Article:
The 3D world caught my attention almost since the very first moment when I started to play with computers, at the end of the 90’s. For a long time I was messing around and trying pointless things with several software, most of which needed weird things to be done in order to be installed and run on my computer.
How did I switch from this teenager-trying-different-things type of user, to use Blender as the tool that I’m using for more than 12 years now is part of my journey in free software. Now I want to tell you that with my learning in Blender it also started my actual learning on how things are done in 3D.
I’m still learning nowadays. My profile in 3D is generalist, which means that I know a bit about everything and I’m able to deliver results in a wide field of things involving 3D. This profile also forces me to learn a bit more every day and keeping up-to-date about each one of the subareas I can work on. But for the same reason, being a generalist forces me to understand that there are some tasks and thinks that need greater specialization.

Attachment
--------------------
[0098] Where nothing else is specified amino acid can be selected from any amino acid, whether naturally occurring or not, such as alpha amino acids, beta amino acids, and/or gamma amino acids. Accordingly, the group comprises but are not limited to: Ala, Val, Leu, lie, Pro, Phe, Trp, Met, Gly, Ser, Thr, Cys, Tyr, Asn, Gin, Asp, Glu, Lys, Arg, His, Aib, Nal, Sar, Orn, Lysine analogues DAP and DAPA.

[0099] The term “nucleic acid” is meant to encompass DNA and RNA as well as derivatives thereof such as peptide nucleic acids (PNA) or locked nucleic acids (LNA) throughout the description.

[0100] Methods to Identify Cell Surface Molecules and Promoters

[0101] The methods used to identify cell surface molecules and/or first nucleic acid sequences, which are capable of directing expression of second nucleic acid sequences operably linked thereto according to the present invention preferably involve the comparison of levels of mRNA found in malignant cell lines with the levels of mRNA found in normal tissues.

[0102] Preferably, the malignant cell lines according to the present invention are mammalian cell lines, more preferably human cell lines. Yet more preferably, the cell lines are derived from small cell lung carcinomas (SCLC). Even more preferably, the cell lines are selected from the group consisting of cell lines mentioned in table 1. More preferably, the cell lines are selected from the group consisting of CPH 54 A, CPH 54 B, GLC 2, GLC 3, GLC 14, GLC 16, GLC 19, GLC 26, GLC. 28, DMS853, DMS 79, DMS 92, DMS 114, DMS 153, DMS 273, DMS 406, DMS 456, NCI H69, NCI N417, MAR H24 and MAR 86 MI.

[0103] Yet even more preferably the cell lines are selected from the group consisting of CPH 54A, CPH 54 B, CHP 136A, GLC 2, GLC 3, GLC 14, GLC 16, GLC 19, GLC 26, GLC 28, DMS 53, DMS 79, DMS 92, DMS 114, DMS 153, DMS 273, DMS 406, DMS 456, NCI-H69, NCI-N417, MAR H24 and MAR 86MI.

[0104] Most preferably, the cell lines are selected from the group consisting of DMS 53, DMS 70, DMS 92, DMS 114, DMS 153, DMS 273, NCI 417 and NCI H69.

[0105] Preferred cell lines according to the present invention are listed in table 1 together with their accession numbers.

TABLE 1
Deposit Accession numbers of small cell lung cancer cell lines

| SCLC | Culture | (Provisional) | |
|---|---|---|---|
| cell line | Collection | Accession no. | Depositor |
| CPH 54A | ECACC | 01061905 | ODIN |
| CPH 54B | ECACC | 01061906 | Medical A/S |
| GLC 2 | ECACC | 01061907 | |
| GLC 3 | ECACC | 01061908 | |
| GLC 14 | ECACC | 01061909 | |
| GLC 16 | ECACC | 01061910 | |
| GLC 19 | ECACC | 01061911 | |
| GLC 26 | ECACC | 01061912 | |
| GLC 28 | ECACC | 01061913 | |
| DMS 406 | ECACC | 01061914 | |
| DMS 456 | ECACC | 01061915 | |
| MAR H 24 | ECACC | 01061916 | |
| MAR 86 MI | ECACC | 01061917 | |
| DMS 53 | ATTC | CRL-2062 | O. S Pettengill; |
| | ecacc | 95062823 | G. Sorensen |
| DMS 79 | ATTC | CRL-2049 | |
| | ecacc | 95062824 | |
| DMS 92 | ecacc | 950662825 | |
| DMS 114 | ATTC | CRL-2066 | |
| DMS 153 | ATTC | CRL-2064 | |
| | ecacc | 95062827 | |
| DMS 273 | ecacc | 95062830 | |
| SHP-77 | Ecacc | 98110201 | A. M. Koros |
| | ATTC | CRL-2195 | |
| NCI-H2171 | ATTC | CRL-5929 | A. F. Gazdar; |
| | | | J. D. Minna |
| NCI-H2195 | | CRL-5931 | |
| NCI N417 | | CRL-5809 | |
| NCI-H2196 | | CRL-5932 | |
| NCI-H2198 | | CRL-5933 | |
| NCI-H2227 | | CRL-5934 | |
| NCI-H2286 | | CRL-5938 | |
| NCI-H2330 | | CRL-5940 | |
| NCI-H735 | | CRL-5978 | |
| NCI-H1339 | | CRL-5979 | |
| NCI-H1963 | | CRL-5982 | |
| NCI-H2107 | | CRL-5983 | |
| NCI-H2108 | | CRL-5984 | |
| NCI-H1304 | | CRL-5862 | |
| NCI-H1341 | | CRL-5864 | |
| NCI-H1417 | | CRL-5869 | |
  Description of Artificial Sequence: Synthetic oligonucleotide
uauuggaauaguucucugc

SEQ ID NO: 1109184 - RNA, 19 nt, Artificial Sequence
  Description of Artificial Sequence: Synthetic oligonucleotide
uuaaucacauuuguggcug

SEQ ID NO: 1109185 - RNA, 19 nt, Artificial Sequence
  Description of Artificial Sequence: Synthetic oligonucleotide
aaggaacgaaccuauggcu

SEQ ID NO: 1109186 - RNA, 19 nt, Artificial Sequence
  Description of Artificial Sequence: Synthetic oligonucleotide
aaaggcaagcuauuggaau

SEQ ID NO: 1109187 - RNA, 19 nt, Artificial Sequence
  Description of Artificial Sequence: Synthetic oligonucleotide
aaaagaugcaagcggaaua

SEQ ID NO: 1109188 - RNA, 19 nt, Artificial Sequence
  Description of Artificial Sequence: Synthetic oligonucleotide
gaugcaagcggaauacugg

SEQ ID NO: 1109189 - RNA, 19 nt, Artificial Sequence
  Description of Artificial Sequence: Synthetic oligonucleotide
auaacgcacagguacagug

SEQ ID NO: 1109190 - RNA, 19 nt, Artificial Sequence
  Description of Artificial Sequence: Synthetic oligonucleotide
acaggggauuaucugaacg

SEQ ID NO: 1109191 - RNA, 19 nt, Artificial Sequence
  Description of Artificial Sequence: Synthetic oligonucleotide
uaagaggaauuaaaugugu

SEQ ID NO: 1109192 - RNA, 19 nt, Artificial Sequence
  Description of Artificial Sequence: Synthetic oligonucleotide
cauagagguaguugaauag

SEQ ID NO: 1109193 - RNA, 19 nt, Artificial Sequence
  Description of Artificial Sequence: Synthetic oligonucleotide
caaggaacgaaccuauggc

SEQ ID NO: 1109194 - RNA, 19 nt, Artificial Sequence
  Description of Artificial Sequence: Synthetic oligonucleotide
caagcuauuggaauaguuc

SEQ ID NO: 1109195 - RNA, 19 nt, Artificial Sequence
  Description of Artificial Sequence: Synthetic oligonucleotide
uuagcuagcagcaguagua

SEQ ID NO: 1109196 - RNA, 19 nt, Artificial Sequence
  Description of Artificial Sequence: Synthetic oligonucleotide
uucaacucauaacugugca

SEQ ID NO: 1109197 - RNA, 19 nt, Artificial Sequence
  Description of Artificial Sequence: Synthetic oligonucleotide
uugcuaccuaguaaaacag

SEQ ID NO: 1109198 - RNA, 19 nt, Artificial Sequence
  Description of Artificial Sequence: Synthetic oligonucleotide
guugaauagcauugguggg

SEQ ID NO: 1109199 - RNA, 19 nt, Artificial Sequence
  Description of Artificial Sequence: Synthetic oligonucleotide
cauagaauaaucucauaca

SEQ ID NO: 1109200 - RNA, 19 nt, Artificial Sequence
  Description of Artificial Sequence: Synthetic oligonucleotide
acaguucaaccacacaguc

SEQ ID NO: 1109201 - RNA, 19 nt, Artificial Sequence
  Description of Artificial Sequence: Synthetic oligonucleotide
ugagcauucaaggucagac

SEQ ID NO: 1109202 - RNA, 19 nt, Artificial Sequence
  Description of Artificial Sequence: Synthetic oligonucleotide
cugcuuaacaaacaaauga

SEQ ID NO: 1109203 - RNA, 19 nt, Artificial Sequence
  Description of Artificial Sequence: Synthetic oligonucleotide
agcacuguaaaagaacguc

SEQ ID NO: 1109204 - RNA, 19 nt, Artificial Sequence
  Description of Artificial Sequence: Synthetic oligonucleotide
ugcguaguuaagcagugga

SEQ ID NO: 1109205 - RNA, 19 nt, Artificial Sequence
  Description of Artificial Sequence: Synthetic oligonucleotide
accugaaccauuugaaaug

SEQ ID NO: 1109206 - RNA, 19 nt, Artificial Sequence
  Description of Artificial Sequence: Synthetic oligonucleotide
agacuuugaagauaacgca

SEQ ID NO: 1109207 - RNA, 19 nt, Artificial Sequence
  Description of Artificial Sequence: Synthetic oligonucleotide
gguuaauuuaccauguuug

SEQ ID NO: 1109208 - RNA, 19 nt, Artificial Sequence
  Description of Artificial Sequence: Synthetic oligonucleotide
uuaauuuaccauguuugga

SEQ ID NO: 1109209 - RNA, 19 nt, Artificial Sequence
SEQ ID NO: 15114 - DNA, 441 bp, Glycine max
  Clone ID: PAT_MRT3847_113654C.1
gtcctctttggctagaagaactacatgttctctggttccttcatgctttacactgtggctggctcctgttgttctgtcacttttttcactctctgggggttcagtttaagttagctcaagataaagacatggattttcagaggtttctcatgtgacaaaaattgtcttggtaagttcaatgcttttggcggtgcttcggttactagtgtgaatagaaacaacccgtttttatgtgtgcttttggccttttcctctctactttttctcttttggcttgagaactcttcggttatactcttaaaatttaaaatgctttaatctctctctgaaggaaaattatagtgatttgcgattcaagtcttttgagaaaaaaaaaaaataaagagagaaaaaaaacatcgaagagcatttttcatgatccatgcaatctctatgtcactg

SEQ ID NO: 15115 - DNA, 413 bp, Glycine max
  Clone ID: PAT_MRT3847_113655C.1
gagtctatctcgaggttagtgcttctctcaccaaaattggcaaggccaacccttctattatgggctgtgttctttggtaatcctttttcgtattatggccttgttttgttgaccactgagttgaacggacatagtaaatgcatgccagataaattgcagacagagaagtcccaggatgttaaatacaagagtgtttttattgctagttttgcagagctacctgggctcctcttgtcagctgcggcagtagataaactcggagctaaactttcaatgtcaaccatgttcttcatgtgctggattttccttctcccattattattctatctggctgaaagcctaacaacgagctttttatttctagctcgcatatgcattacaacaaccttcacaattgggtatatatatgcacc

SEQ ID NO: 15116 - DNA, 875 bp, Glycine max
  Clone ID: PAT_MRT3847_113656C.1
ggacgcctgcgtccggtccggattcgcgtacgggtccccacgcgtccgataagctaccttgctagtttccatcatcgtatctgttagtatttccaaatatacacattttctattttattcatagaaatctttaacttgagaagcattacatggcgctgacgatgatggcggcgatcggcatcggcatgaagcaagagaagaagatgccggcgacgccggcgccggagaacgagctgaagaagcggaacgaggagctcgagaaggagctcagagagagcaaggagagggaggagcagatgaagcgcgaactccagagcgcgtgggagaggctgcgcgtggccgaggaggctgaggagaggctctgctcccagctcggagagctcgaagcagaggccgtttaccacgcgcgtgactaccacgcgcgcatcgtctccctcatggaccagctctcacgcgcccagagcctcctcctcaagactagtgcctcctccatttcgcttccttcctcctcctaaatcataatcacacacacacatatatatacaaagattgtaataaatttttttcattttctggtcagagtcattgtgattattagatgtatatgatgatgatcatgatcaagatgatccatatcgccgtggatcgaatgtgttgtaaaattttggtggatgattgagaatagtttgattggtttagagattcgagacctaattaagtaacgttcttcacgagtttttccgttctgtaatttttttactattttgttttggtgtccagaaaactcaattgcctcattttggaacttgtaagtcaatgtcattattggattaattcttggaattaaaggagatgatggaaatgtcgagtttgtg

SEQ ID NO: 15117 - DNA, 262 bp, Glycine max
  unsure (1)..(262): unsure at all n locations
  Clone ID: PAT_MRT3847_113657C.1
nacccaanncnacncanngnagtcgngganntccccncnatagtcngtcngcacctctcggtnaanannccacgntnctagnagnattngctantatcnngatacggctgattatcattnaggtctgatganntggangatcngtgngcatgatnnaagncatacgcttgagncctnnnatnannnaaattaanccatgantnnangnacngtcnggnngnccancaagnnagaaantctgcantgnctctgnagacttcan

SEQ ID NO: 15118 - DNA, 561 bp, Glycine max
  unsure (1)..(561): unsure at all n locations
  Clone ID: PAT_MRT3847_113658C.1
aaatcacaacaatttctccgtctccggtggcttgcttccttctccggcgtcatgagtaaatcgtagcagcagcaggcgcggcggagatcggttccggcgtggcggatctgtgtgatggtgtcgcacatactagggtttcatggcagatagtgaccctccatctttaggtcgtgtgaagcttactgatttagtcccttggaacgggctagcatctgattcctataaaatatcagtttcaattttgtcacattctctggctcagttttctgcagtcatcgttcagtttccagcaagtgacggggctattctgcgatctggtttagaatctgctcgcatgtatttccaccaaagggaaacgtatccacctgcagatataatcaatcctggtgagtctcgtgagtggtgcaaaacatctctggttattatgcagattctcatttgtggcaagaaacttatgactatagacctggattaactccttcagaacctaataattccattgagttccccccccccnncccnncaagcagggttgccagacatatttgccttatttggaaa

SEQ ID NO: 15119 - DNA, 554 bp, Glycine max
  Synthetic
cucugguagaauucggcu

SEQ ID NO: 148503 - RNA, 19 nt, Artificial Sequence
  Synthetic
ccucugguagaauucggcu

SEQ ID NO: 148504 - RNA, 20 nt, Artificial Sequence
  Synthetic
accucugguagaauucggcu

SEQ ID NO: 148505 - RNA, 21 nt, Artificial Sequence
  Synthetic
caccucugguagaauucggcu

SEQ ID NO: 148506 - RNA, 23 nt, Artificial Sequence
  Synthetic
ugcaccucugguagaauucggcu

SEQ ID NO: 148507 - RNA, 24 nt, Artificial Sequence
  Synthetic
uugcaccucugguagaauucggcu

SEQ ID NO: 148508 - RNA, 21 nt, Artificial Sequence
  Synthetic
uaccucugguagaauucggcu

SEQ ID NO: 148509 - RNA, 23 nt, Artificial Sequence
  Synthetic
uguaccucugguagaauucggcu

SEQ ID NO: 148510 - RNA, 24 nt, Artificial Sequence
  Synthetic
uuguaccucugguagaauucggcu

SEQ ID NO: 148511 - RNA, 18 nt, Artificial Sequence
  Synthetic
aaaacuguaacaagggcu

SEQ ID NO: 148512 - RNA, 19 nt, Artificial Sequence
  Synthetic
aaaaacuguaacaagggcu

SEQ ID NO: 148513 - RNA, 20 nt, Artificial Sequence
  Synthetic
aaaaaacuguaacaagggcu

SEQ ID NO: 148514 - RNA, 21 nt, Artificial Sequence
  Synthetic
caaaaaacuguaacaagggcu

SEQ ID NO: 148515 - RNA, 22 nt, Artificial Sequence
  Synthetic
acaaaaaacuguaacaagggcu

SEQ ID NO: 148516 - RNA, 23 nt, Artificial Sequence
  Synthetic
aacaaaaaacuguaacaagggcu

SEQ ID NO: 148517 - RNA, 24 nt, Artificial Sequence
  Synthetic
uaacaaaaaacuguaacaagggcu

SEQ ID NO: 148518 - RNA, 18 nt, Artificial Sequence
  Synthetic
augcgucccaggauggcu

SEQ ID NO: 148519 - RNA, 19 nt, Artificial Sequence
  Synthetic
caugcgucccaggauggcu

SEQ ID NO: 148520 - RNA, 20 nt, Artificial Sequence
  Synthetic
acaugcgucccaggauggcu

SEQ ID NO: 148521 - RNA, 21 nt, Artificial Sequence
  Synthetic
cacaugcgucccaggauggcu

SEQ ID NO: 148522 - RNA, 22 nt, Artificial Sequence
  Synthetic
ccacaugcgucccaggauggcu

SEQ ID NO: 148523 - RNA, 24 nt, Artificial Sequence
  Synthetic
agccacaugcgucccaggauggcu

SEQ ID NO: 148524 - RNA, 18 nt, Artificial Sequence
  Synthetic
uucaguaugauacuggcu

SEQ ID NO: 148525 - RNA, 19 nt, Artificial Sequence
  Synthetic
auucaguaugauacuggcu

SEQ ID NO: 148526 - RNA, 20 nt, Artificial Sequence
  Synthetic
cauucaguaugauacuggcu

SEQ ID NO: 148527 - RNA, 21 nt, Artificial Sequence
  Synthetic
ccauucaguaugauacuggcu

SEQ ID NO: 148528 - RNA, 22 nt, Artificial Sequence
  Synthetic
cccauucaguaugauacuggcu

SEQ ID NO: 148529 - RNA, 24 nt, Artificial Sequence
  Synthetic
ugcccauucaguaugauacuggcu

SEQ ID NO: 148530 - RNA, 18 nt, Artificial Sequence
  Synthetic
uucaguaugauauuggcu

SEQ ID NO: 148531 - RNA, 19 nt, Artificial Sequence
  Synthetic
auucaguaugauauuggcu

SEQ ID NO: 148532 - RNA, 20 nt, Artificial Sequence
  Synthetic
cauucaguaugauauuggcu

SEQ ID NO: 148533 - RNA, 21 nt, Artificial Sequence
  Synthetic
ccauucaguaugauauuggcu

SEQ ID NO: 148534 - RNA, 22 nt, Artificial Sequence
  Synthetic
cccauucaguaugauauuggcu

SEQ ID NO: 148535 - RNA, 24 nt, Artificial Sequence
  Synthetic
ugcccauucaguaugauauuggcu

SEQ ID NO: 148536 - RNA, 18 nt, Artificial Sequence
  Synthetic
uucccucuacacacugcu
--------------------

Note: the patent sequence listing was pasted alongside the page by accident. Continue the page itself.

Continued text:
During my professional career in 3D, I was mainly involved in architectural visualization. Later, I had the opportunity to apply mi 3D knowledge to mapping shows, and this way I was able to know in detail the technical side and cultural context of this technique.
Currently I keep interested in mapping and also in any other job opportunity involving 3D, but I aim to use this technology as a key tool in my workflow as a visual creator, more than a job market specialization itself.
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